Posted on Lonely Planet by Kyle Munson - Aug 11 2022
I pedaled my way across Iowa this summer but didn’t spend all my time on a bicycle seat.
At one point I found myself wedged behind seven bikes in the dusty bed of a pickup truck, rattling down a gravel road toward the start of that morning’s bicycle route in Charles City.
The night before I had slept at an Iowa farm south of town where a cattle feedlot had been transformed into a replica of Centre Court, Wimbledon—the All Iowa Lawn Tennis Club. My friends and I chose to veer out of town for the chance to visit such a quirky spectacle.
Let me pause and put this in plain terms before you stop reading: I spent seven days bicycling 468 miles across Iowa, visiting rural tourism curiosities along the way such as the finely manicured grass tennis “Court of Dreams.”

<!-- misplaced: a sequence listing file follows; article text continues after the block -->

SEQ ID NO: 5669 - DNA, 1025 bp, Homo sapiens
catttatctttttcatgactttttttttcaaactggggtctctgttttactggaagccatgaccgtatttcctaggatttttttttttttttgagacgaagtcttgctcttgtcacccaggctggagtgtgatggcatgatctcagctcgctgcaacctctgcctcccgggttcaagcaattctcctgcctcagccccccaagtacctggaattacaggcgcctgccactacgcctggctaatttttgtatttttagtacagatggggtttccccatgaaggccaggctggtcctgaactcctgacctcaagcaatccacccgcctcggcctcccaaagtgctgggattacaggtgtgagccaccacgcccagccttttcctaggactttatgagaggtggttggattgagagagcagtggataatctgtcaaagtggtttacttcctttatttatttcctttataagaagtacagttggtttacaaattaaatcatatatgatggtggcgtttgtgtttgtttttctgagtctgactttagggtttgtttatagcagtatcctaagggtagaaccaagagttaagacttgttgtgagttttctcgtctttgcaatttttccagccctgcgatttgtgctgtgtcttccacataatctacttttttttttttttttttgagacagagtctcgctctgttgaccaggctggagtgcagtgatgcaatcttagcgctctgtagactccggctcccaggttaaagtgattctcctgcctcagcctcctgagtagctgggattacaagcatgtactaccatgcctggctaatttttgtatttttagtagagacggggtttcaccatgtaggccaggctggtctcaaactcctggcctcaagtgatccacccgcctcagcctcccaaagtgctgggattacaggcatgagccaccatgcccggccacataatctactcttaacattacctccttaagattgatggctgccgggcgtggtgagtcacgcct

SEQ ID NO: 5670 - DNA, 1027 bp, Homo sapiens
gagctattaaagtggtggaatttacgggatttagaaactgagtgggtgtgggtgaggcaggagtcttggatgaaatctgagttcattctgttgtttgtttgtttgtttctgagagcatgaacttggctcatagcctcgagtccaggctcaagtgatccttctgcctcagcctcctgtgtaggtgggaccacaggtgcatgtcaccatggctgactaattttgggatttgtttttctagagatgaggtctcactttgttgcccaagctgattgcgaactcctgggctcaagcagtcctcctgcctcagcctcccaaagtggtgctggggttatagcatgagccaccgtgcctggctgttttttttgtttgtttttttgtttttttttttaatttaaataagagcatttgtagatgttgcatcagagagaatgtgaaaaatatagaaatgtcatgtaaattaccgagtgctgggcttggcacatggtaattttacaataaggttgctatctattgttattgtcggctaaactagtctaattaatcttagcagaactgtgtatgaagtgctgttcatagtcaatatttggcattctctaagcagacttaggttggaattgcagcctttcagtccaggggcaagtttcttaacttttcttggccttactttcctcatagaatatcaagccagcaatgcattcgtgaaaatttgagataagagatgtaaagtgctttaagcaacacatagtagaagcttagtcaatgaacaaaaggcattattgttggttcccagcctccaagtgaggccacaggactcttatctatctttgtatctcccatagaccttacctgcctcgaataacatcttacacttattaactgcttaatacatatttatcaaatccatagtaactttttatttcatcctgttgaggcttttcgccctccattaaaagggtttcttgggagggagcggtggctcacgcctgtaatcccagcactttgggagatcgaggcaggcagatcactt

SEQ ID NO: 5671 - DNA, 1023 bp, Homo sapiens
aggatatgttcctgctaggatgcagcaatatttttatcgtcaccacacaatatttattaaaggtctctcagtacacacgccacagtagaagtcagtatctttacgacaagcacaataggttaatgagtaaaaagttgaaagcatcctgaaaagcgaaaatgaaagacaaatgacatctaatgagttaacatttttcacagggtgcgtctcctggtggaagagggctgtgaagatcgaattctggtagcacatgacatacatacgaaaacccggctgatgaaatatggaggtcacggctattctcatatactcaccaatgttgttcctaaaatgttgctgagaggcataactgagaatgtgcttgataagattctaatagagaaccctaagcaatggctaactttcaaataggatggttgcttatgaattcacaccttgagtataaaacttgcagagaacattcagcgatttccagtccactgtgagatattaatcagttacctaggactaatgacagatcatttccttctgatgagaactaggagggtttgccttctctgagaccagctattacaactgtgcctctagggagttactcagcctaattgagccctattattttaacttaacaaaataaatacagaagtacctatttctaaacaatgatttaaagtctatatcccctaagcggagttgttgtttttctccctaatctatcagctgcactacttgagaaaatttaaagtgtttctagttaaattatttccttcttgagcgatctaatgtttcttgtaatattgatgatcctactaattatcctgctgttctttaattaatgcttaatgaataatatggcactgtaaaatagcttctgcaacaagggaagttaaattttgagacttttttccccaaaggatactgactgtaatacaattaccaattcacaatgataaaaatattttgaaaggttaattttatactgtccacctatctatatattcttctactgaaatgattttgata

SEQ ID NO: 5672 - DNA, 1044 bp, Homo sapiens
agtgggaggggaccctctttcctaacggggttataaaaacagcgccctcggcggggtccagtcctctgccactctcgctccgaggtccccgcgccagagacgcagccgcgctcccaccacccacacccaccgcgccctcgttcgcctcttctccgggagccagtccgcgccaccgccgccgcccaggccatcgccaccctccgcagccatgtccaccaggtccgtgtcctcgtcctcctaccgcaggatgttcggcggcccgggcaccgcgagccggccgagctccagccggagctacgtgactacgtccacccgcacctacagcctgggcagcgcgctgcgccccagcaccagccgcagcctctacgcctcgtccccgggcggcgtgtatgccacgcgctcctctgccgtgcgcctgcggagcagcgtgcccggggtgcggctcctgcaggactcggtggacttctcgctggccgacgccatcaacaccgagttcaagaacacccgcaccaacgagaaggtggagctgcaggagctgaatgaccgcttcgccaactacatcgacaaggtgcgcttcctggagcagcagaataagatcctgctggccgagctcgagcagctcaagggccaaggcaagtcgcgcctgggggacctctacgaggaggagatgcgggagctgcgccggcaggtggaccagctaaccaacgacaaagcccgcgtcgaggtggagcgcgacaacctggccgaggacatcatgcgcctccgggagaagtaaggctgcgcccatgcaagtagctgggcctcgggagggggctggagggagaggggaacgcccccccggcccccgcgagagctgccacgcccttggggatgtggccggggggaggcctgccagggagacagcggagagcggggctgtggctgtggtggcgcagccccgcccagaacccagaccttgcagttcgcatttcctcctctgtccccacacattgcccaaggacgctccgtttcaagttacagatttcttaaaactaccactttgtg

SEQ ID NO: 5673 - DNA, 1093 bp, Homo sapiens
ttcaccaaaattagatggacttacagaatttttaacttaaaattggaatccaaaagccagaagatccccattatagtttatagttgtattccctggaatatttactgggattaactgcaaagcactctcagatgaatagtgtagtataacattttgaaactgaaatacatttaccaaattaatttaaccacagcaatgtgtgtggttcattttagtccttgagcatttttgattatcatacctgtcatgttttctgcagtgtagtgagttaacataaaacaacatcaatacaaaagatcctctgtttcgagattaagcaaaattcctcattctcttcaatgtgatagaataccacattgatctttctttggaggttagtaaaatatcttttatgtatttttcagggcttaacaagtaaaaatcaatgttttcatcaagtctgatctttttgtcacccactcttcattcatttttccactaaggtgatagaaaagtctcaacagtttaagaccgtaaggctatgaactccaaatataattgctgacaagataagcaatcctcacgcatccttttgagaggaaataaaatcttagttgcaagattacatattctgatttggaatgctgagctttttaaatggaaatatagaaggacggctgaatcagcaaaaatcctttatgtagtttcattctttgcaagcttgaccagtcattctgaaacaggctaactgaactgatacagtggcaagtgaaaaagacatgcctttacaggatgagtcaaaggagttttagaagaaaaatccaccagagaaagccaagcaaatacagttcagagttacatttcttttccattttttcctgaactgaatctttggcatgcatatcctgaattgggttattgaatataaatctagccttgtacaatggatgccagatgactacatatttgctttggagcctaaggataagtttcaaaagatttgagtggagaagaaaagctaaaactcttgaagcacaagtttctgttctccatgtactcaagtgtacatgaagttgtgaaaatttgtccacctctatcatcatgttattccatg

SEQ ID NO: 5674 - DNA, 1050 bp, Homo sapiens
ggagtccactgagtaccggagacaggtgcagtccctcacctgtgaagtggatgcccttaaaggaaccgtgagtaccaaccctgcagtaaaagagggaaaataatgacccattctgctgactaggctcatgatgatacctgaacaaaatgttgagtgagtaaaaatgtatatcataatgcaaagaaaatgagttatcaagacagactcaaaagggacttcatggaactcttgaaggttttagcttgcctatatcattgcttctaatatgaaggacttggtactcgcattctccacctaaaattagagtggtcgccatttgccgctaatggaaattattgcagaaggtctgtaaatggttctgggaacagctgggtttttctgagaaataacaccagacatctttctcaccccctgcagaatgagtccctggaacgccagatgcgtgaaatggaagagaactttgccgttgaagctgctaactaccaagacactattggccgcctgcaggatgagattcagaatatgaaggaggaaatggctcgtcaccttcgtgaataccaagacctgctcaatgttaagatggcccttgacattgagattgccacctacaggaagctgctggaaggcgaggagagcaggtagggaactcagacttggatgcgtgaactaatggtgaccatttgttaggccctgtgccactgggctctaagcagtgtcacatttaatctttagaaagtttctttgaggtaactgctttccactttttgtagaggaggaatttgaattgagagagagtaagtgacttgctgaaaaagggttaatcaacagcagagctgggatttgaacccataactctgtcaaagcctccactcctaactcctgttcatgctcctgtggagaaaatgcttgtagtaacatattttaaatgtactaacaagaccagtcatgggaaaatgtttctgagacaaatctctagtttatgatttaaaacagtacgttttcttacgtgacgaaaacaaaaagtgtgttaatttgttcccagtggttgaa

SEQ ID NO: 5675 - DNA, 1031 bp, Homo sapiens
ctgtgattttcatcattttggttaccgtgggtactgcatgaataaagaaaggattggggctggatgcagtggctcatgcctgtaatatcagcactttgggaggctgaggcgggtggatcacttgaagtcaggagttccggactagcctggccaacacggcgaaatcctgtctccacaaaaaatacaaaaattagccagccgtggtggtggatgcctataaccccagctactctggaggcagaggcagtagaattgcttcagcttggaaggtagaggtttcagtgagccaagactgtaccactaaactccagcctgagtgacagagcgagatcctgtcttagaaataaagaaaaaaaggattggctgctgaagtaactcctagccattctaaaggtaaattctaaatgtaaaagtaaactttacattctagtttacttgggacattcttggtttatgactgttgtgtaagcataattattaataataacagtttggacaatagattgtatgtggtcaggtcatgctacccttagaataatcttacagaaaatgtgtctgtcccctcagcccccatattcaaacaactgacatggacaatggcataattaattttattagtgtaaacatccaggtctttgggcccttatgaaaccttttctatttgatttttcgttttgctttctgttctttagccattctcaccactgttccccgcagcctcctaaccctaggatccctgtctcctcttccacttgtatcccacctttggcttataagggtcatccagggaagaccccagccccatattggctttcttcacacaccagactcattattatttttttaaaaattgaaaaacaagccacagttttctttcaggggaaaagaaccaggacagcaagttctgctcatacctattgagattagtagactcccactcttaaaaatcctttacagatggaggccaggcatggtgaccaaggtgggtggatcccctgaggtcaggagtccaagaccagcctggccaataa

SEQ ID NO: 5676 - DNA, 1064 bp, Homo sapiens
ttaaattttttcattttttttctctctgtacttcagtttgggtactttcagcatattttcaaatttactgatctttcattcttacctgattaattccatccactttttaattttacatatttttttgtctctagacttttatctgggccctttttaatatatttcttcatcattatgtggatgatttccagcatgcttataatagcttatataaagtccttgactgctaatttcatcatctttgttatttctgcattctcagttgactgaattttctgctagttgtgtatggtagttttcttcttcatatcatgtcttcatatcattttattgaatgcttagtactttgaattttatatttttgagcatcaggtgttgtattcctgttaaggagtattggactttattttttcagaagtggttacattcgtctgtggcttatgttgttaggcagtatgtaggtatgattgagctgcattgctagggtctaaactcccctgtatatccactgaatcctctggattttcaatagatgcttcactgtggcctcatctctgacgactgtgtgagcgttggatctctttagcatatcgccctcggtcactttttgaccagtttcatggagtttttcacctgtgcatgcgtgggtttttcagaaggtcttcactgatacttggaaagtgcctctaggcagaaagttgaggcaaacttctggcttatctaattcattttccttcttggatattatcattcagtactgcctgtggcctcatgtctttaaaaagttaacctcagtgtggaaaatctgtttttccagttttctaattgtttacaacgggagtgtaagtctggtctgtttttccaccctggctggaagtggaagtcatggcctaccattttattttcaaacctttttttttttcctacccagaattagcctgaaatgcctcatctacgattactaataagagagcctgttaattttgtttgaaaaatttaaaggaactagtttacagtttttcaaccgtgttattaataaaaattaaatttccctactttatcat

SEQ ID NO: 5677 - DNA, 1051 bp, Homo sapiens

I’m not alone in my devotion to this annual affliction—I mean, tradition. I was among more than 18,000 bicyclists who joined yet another epic RAGBRAI, the Register’s Annual Great Bicycle Ride Across Iowa. Founded in 1973 by a pair of Des Moines Register journalists, RAGBRAI in nearly 50 years has evolved into a cultural phenomenon in which thousands of people from around the globe swarm into Iowa to discover it isn’t as flat as advertised. But at least restrooms are as ample and convenient as the nearest cornfield.
What is RAGBRAI?
RAGBRAI is the world’s oldest, largest, and longest bicycle touring ride.
Each year’s route follows a different path from west to east, between the Missouri and Mississippi rivers, although of course many towns and roads have been repeated since ’73. The overnight towns–the basic outline of that year’s route–are announced in January, followed a couple of months later by the more detailed path. Riders pay $175 for a weeklong registration (or $35 for a day pass) and receive an official wristband and another band for their bike. RAGBRAI caps the number of registrants (about 10,000 weeklong riders, for instance), so if you like the look of the route, go ahead and sign up early in the year. The ride is always held during the last full week in July.